Easter Sunday morning after midnight, the nurse and i were noticing Henry's bradys happening VERY frequently, sometimes 3 in a minute, going down to 50 BPM, and then recovering slowly. Whenever this stuff happens, Henry seems very peaceful and almost always sleeping. If you look closely, you will listen and not hear him breathing. If you are particularly observant, you can look in his mouth and most likely (but not always) notice his tongue all the way pushed back into his throat, quite literally closing off his breath. That's when you shake him awake and he'll gasp, set off a little cry, and then go back to breathing. This just KEPT happening. Paired with some other concerns, the nurse called Henry's pediatrician who came in, showed concern and called Dr. Finnerty, Henry's cardiologist. I figured worries must be important enough to call The Crew in at 3am. An echocardiogram was ordered and i sat and watched Dr. Finnerty point out the parts of the heart, even the PA Band that was put in on 2/17 to limit the bloodflow into his heart. Dr. Finnerty did not find anything different or concerning on the echo, so that only added to the mystery. Henry's bradying and low oxygen are going unexplained. He's been tested for RSV, flu and pneumonia, all negative. There is the question of reflux - why is it happening so frequently, what is causing it.
Daydreaming of calmer days....

So Dr. Finnerty and Hank's pediatrician Dr. Ruas both agreed, along with some calls to CHOP, that Henry needed to be transported back to his "old stompin' grounds." There were three options: 1) airlift, 2) ground transport coming from Elmira or 3) ground transport coming from Philly, preferable in that order. It didn't seem like option #1 was happening fast enough, and #3 is just dumb when #2 can happen. And so #2 did and Henry was packed up in his "pod" around 8:00am.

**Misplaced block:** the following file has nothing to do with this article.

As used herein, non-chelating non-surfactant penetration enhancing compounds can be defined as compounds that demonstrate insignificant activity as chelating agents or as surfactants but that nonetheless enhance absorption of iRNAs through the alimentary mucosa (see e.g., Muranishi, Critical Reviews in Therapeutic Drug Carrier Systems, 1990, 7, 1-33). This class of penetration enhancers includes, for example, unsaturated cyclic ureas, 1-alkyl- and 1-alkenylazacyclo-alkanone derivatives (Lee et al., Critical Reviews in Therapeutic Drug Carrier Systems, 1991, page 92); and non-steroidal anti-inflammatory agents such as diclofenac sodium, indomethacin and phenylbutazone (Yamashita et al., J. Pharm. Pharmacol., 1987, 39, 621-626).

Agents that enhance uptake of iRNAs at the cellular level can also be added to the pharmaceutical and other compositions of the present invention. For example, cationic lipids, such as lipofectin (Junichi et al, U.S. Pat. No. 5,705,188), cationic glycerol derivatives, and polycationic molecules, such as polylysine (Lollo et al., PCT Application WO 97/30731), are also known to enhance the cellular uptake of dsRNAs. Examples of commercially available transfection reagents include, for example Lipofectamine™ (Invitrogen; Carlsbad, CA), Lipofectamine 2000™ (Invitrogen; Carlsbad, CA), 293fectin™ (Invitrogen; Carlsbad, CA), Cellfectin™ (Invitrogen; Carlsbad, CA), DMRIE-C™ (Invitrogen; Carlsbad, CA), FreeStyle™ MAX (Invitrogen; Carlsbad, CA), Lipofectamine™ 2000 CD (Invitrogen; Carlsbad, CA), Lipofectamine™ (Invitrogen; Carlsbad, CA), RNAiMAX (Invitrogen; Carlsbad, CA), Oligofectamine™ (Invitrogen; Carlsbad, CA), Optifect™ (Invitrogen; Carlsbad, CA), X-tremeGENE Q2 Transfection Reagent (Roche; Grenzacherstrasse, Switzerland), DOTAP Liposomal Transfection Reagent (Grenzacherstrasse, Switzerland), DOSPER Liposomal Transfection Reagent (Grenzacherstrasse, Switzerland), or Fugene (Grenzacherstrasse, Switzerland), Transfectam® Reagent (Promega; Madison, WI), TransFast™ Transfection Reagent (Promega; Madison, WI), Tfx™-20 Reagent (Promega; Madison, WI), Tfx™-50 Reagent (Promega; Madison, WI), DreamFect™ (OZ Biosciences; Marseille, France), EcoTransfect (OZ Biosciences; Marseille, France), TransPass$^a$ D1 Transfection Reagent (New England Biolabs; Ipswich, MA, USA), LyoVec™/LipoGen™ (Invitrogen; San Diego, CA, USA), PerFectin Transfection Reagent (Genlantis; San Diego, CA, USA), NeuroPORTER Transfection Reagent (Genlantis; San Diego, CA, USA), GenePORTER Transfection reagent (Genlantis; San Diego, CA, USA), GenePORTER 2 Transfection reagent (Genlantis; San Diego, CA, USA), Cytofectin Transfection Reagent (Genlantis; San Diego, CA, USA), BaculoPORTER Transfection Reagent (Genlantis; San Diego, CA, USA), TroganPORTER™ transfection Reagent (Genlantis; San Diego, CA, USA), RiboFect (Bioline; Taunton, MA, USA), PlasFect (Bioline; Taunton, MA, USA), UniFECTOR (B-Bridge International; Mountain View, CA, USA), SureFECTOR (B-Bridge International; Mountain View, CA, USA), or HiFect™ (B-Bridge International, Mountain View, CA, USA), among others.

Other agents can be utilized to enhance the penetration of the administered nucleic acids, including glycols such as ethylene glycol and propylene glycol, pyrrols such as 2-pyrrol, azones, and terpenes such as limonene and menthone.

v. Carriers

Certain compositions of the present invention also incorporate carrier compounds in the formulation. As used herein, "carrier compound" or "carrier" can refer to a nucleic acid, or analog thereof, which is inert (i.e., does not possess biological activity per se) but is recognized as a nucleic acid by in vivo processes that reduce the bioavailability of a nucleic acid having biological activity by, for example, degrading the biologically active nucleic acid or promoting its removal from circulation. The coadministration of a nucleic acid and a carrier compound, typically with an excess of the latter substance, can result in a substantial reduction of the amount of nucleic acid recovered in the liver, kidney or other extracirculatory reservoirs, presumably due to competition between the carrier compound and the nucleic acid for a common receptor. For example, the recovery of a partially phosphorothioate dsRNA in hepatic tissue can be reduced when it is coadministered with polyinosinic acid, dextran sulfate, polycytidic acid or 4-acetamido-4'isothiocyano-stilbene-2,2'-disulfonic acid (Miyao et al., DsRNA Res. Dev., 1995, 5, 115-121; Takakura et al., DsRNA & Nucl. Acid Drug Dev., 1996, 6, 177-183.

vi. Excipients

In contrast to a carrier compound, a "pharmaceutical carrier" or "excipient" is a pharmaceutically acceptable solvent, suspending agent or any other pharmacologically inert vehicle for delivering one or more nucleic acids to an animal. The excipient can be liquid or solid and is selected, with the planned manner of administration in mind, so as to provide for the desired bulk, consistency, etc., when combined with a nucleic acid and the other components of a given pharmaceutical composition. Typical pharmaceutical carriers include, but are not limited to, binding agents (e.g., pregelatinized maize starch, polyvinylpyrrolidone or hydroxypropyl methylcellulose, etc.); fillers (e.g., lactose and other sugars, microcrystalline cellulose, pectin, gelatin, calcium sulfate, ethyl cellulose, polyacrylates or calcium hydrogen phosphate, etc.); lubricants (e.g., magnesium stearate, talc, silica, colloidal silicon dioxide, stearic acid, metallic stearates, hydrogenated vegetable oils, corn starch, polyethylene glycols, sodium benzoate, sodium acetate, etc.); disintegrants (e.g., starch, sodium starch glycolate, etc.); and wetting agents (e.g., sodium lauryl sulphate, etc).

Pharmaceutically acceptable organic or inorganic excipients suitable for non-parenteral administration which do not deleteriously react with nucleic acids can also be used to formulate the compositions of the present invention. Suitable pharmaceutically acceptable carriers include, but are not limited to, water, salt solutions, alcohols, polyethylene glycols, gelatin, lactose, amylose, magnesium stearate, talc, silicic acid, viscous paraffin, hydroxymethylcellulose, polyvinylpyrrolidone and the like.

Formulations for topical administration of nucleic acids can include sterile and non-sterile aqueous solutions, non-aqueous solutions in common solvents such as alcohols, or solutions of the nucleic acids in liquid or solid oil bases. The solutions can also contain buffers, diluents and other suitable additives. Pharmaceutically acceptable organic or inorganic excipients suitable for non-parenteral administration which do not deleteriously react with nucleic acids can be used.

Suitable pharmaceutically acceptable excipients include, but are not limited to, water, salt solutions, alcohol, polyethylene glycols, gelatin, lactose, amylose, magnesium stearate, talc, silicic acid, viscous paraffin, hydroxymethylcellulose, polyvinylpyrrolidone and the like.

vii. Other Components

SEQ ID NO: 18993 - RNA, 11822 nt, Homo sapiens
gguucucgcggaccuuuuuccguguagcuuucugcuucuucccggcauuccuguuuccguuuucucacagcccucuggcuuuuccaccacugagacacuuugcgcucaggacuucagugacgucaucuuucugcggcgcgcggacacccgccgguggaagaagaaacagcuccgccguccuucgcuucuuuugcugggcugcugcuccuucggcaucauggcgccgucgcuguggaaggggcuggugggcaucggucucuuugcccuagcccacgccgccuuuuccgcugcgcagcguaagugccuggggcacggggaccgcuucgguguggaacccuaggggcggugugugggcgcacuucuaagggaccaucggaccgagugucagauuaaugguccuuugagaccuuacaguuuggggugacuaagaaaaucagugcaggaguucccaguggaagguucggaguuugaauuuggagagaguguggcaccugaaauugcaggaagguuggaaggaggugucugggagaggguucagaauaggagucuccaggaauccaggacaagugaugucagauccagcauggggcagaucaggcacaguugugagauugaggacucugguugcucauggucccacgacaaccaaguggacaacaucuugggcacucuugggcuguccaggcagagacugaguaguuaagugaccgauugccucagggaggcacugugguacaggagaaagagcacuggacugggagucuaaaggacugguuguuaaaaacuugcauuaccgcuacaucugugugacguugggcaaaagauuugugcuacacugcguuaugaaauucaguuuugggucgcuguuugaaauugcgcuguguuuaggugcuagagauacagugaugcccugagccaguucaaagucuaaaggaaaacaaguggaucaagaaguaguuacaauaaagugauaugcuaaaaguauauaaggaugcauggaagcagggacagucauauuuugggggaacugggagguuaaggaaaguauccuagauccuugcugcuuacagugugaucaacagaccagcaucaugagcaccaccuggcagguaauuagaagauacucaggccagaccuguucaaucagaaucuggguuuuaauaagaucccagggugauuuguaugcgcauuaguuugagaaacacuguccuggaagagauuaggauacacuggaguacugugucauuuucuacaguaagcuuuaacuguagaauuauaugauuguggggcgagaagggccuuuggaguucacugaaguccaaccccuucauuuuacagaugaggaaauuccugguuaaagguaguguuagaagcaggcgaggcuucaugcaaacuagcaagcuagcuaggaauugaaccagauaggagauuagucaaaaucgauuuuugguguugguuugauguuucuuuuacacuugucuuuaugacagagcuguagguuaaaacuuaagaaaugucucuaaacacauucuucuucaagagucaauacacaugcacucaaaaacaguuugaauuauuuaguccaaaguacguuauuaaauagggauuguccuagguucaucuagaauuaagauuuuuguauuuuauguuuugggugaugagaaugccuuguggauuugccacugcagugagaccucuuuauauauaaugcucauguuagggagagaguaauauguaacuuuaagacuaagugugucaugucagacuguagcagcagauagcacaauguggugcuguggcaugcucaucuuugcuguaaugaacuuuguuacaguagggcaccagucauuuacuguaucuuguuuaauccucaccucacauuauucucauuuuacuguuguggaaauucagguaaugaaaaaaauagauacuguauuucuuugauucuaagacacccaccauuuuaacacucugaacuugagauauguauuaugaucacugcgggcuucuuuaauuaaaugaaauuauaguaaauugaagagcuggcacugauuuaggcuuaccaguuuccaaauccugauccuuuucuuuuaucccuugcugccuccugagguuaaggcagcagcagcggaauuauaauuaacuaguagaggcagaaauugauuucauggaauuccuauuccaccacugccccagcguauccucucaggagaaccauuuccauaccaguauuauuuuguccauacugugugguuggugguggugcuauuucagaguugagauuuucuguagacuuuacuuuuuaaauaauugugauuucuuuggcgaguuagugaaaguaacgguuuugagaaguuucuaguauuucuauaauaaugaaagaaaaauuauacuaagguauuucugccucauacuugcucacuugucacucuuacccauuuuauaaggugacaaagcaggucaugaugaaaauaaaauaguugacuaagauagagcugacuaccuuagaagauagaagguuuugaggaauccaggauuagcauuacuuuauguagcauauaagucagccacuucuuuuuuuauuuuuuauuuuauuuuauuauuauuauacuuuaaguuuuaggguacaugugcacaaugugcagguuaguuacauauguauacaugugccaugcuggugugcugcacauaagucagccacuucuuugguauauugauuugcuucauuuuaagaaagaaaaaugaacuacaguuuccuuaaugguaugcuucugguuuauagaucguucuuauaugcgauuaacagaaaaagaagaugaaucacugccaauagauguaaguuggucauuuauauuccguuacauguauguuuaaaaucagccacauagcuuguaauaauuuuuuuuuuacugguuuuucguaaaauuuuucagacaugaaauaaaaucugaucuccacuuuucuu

Meanwhile, i went home and broke the news to Ron. I think he was completely surprised, given the look on his face. I thought about a lot of stuff on the 25 min ride home and decided that i would go home and take some time to pack and spend quality time with the family. No need to RUSH behind the ambulance when Henry was going to arrive in comfort and care. It was Easter after all and we originally had plans to have dinner with my dad (Shirley's in FL). We changed the plans to Easter Breakfast (enjoyed at Spencer's, YUM) and Sam and i had yet to dye eggs with the kit we bought about a week ago. So i promised to do that with him after breakfast. I was able to pack slowly with thought (more than TWO outfits, thank you very much) and all four of us dyed eggs (well, Thom watched joyfully from his porch swing). It was really a nice morning. The perfect way to preclude a potentially long time away from home.

And now here i am. It's taken all day, off and on, to write this entry, and in the course of time, not a whole lot has been discovered. In fact, Henry is apparently only here to bat his long reddish eyelashes at all the pretty ladies, because he has yet to truly exhibit ALL the concerns that prompted our coming down here in the first place! He's only brady'd about three times total in 30 hours, and they've all recovered within 3 seconds. He's not refluxed at all and his oxygen saturation levels are good for him, not necessitating supplemental oxygen. The only indication that this whole trip is not a joke is this tiny cough that is still a mystery as well. There's speculation that it is related to reflux. At this point, i have no idea what they are going to do to even FIGURE OUT what's wrong, especially if there are no symptoms to show them!

So we'll see what tomorrow brings. And tomorrow's tomorrow. Beyond that, i'm not counting days. I'm just goin' with Henry's flow...